An advantage of the optimal estimation framework is that it can produce a useful set of diagnostics of the retrieval quality. The errors in lnτ and lnre are strongly correlated, and optically thin (thick) clouds display a positive (negative) correlation. The correlation of errors will be useful information when comparing the retrieval with that obtained by other methods and when using the retrieval results to evaluate climate models. The retrieval cost is useful for detecting inadequate model assumptions such as multilayer cloud and contamination by water-phase cloud. Compared with the solar reflection method, the multiband IR method has advantages in retrieval accuracy for optically thin cirrus cloud, shows weak sensitivity to ice-particle habits, and is applicable to both daytime and nighttime retrievals. A subsequent report (Part II) will present a global survey of the properties of high-level ice clouds using the multiband IR method.

Acknowledgments

Hironobu Iwabuchi is grateful to Dr. Hitoshi Irie of Chiba University, Chiba, Japan, for participating in valuable discussions. This work was partly supported by a grant-in-aid for scientific research (Kiban B 24340116) from the Japan Society for the Promotion of Science (JSPS). Author HO was supported by the Ministry of Education, Culture, Sports, Science, and Technology of Japan through grants-in-aid for scientific research (Kiban A 25247078). The MODIS data were obtained from NASA websites, including the Level 1 and Atmosphere Archive and Distribution System (LAADS). The radiative transfer model RSTAR was obtained from the OpenCLASTR project.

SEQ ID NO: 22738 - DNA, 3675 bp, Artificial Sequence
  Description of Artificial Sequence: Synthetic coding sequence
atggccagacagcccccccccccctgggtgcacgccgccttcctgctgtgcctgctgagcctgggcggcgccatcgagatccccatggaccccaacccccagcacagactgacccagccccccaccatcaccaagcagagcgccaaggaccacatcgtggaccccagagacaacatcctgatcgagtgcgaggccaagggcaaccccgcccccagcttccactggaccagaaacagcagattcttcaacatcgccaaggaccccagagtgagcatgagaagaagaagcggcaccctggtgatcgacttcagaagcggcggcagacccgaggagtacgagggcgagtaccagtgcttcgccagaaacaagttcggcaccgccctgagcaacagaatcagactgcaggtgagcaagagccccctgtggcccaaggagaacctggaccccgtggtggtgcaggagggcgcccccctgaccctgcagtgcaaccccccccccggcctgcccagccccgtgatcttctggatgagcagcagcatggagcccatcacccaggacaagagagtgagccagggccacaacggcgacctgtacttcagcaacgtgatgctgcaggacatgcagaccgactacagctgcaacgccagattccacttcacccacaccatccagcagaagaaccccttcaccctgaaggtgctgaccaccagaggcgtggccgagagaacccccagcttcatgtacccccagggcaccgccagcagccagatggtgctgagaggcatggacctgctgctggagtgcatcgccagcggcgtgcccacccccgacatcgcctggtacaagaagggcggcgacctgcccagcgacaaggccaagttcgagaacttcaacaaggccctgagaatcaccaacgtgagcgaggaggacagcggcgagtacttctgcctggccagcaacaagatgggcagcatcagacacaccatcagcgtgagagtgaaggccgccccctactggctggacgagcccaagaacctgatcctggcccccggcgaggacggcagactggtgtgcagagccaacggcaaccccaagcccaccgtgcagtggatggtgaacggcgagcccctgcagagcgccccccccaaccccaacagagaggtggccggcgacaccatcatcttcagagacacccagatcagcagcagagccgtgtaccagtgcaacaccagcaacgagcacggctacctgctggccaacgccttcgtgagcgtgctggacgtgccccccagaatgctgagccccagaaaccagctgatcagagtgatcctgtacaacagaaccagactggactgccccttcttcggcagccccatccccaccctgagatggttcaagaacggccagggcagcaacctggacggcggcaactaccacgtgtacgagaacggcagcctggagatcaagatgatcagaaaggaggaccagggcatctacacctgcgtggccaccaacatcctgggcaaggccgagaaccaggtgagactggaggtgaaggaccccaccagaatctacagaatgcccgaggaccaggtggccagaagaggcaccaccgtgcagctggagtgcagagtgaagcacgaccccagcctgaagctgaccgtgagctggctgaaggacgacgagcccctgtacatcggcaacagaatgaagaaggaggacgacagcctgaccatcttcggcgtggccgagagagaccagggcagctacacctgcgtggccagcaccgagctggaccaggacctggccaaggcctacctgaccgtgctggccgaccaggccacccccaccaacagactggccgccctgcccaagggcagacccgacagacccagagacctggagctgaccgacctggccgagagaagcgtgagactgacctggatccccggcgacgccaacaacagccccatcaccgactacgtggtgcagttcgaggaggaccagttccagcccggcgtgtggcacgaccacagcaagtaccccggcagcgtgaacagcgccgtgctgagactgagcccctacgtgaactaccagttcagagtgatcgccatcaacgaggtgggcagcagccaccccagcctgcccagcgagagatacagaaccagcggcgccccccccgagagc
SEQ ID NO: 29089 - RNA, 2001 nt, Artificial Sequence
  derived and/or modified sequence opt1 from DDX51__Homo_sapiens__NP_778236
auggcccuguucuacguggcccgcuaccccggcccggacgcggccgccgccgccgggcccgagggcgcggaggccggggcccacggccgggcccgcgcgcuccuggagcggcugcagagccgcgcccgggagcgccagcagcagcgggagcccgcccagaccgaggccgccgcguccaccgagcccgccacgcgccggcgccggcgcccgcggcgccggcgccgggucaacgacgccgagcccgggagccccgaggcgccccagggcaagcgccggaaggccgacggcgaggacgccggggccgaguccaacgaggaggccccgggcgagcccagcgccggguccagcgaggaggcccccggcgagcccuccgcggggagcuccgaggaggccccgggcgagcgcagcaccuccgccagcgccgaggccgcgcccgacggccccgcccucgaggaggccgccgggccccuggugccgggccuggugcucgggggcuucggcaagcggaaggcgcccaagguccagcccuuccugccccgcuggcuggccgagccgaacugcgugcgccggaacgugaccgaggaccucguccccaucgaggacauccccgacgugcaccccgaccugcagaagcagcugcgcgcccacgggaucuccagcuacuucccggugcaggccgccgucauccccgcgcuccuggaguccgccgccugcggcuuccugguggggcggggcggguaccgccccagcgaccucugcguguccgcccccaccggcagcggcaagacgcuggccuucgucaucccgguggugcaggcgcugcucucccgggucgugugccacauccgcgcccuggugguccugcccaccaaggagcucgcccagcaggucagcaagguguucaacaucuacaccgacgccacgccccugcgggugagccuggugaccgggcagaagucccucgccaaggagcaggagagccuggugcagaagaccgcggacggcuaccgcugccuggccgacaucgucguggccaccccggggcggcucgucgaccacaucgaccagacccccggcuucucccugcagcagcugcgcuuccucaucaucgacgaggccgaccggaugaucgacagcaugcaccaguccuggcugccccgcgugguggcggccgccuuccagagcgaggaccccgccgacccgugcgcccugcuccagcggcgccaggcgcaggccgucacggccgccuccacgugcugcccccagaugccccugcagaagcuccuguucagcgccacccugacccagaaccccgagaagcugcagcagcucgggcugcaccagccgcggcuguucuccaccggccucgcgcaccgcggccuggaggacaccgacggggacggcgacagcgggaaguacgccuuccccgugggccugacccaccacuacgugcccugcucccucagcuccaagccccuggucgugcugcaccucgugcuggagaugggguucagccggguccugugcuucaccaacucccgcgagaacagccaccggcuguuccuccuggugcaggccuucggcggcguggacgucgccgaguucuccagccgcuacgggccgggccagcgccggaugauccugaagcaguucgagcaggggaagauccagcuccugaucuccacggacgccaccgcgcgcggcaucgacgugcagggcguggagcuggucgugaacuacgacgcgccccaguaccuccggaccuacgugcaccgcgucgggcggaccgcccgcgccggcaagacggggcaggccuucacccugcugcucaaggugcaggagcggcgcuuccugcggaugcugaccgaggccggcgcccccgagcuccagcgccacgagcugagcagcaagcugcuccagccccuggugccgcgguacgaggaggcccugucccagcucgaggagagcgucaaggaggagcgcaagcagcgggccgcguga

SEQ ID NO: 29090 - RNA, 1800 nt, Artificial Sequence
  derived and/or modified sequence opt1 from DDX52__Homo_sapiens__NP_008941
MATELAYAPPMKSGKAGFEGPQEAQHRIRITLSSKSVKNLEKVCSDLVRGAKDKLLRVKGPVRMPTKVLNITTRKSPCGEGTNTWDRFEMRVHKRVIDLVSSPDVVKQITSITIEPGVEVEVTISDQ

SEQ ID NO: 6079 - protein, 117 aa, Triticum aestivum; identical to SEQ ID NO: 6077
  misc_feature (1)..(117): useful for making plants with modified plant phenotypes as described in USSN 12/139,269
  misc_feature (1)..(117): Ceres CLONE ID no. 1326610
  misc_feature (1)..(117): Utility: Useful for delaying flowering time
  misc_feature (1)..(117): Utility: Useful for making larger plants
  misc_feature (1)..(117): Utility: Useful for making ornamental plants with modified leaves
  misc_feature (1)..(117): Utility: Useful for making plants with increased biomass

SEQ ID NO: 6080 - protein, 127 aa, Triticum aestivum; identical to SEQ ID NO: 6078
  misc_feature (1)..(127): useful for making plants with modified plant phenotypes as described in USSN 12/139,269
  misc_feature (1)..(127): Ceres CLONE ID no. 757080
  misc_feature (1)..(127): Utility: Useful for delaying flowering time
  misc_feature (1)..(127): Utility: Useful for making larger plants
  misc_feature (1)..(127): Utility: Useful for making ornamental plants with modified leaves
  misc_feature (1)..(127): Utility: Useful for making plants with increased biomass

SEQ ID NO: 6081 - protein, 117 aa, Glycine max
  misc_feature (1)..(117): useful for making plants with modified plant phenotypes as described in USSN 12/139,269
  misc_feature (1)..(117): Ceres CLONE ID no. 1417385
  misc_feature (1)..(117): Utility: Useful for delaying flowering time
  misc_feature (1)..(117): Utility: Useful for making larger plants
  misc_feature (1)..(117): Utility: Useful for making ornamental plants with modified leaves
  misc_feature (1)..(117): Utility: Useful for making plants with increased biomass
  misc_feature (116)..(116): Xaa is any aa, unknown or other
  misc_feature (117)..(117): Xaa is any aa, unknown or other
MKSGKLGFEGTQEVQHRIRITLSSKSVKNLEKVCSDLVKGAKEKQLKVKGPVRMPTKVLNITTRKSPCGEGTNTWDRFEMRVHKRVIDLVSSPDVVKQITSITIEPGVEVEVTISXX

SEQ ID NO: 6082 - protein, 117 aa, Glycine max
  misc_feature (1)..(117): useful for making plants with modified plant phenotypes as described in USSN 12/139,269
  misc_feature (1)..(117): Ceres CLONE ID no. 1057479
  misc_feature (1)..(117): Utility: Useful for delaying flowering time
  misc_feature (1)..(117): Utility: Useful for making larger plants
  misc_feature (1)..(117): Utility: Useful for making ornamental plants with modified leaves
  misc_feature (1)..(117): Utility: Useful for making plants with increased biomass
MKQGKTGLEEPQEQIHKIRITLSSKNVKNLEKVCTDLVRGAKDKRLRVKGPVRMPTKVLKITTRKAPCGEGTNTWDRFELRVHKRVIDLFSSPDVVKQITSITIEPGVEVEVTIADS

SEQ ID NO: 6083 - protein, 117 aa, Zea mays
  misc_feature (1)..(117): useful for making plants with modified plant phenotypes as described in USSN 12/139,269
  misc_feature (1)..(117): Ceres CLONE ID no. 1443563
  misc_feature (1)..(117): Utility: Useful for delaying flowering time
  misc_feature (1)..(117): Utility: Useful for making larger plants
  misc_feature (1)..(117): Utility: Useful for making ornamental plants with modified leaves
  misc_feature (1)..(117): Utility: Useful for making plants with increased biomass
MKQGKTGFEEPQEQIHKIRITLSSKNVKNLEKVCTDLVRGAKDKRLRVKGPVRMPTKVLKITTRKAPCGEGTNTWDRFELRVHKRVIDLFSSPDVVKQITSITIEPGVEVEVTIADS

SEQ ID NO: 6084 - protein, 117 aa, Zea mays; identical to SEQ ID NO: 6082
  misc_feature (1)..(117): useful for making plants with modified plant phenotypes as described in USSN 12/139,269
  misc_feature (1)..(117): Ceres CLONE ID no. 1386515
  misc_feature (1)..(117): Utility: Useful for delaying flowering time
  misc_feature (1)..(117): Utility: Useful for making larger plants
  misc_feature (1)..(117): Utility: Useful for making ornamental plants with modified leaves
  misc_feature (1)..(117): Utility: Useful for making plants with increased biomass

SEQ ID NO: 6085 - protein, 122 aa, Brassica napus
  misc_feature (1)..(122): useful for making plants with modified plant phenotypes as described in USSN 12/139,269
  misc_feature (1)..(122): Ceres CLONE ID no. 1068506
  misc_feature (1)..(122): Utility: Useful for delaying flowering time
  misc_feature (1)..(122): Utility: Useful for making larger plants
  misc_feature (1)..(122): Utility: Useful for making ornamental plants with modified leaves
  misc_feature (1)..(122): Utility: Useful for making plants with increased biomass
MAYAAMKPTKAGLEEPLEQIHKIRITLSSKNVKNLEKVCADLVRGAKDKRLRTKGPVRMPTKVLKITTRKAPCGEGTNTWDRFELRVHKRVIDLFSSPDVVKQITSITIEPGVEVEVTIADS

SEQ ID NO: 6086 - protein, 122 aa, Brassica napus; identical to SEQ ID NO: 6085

APPENDIX

Equations Used in the Forward Model

The upward radiance I at the top of the atmosphere is decomposed into three components associated with a cloud layer (Icld), background atmosphere (Iatm), and underlying surface (Isfc) in the form
ea1
The radiative transfer in the cloud is simulated with the scaled optical thickness and single-scattering albedo of the cloud by using the similarity principle (Joseph et al. 1976; Liou 2002), as follows:
ea2
ea3
where τ, ω, and g are the original optical thickness, single-scattering albedo, and asymmetry factor, respectively. The cloud component is calculated by
ea4
The emerging radiance E from a cloud layer, in which the radiative source function varies linearly from d at the downstream boundary to u at the upstream boundary, is
ea5
For the thermal emission, the source function at the cloud top–base is
ea6
where B is the Planck function. The contribution of scattering to the IR radiance is generally weak and is semiempirically included in the total source function.
The atmospheric component is calculated by
ea7
where D1 and D2 are coefficients, τatm is the gaseous absorption optical thickness parameterized in a quadratic equation with respect to the precipitable water, and Tatm is an effective mean air temperature
ea8
where T(p) denotes the air temperature at pressure p and ρ denotes the volume mixing ratio of the water vapor.
The surface component is a sum of thermal emission from the surface and the reflection of downward radiance at the surface:
ea9
ea10
where D3 and D4 are coefficients and μ0 = 1/1.66.
After evaluating the radiance in (A1), an empirical correction is applied:
ea11
where a is a coefficient and
ea12
The brightness temperature is obtained by
ea13